26 posts in this topic
By Trent King
I was doing a quick search of gold mine sales in Australia to suss out the market. Came across this gold mine sales mob who have cut and copied my gumtree ads and added random pictures??wtf
This is a hard rock mine I own that they have listed as an alluvial mine. Disturbingly it has 175 views and god knows how many people have been tricked thinking the ads are real.
I have sent enquiries in but have not recieved responses yet.
We try very hard to provide a quality service with our lease sales and am pretty pissed about someone taking potential customers for a ride.
By Reno Chris
Prospecting can be profitable, but there is more than one way to make money in the prospecting game beyond just finding gold. Leasing out prospective claims to mining companies is a subject I have written about several times in the ICMJ and also in my book on prospecting. I know people who have made big money doing this - a lot more than this check. Its a serious effort to find claims mining companies want. Right now, the market to lease them off is not good.
I am publishing this check with critical areas blanked out for security reasons - it would be a waste try to copy it. I also greatly altered the colors of the check, the company who issued it is out of business and I am guessing there is no significant money that is left in their account. So all things considered, I figure its safe to show. As one can see from the date, the issue was two years ago in 2015. I'll get my 2017 payment in a few weeks from a different company.
By Clay Diggins
The Nevada BLM closed 8,195 claims between January 15th and February 1st. That's nearly 194,000 acres opened to location in two weeks. Most of those claims were held by the big mining companies - Kinross, Barrick. Some of these claims go back to 1893.
Of course you would already know that and have an individual map of each of those 8,195 claims section areas if you are a Claims Advantage Member.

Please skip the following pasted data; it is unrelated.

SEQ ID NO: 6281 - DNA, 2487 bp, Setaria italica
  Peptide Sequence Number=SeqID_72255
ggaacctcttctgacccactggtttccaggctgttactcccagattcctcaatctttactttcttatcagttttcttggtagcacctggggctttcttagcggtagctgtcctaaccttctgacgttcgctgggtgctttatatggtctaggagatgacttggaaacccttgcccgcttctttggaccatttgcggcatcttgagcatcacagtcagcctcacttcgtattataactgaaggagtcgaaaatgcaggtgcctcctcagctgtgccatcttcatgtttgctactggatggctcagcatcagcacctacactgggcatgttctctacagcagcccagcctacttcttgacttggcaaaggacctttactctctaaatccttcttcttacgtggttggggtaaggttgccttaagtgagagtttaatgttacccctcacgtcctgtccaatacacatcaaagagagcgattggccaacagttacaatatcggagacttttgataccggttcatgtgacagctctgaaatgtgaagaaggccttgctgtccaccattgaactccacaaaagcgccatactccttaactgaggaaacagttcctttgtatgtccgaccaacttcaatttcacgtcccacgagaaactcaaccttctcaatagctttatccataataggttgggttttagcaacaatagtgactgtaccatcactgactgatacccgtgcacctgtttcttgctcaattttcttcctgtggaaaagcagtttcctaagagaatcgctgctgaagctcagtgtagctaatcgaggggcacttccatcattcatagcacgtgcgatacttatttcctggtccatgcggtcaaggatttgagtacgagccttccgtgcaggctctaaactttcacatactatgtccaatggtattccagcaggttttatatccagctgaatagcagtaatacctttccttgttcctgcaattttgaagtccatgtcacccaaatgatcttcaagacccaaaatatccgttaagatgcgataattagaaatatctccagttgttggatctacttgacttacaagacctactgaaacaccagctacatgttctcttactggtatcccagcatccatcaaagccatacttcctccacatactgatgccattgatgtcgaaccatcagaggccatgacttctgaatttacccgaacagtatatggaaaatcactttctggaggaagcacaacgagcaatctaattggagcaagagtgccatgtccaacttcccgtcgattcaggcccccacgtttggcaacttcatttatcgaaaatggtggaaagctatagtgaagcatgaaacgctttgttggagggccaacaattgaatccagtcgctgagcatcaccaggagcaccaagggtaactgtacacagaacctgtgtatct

This is an unusual number of closures in such a short period of time even for Nevada, the biggest mining State by far. Annual turnover in Nevada mining claims is about 20,000 claims so this could be just an unusually productive period for the Nevada BLM in updating their case files.
Why the big mining companies are dumping so many claims is a matter of speculation since I don't sit in on their board or management meetings. This may just be a blip in reporting. In any case I'll leave the speculation to others. Probably more important is where these closed claims are. That answer will probably produce a flurry of prospecting as soon as the weather permits.
Go get u sum
By Steve Herschbach
The budget process under way includes some proposed changes to the mining law that claim owners or those thinking of owning claims need to be aware of.
From BLM Bureau Highlights page 12 http://www.doi.gov/budget/appropriations/2016/highlights/upload/BH007.pdf
"The second legislative proposal institutes a leasing pro- cess under the Mineral Leasing Act of 1920 for certain minerals—gold, silver, lead, zinc, copper, uranium, and molybdenum—currently covered by the General Mining Law of 1872. After enactment, mining for these metals on Federal lands will be governed by the new leasing process and subject to annual rental payments and a royalty of not less than five percent of gross proceeds. Half of the receipts will be distributed to the States in which the leases are located and the remaining half will be deposited in the Treasury. Existing mining claims will be exempt from the change to a leasing system. The proposal also increases the annual maintenance fees under the General Mining Law of 1872 and eliminates the fee exemption for miners holding ten or fewer mining claims. These changes will discourage speculators from holding claims that they do not intend to develop. Holders of existing mining claims for these minerals could voluntarily convert their claims to leases. The Office of Natural Resources Revenue will collect, account for, and disburse the hardrock royalty receipts."
Note that these are listed under a heading as changes relating to hardrock mining reform. Without seeing the actual proposed legislation it is not clear but it would seem unlikely that this would not end up applying to all claims on federal land, including placer claims. In the future there would be no new claims, only leases, subject to leasing fees and a royalty of not less than 5% of gross receipts. This means you could lose money and still owe a royalty. Furthermore the Small Miners Exemption would be eliminated, and annual fees increased for existing claims.
Before everyone goes ballistic keep in mind proposals like these have been floated for decades and so it is not a given it will come to pass. The big boys will certainly fight the leasing and royalty portions. However, they will not care about the Small Miners Exemption. If you do, you may want to dig deeper into the proposals and keep an eye on their progress. This would have a devastating impact on club ownership of claims in particular.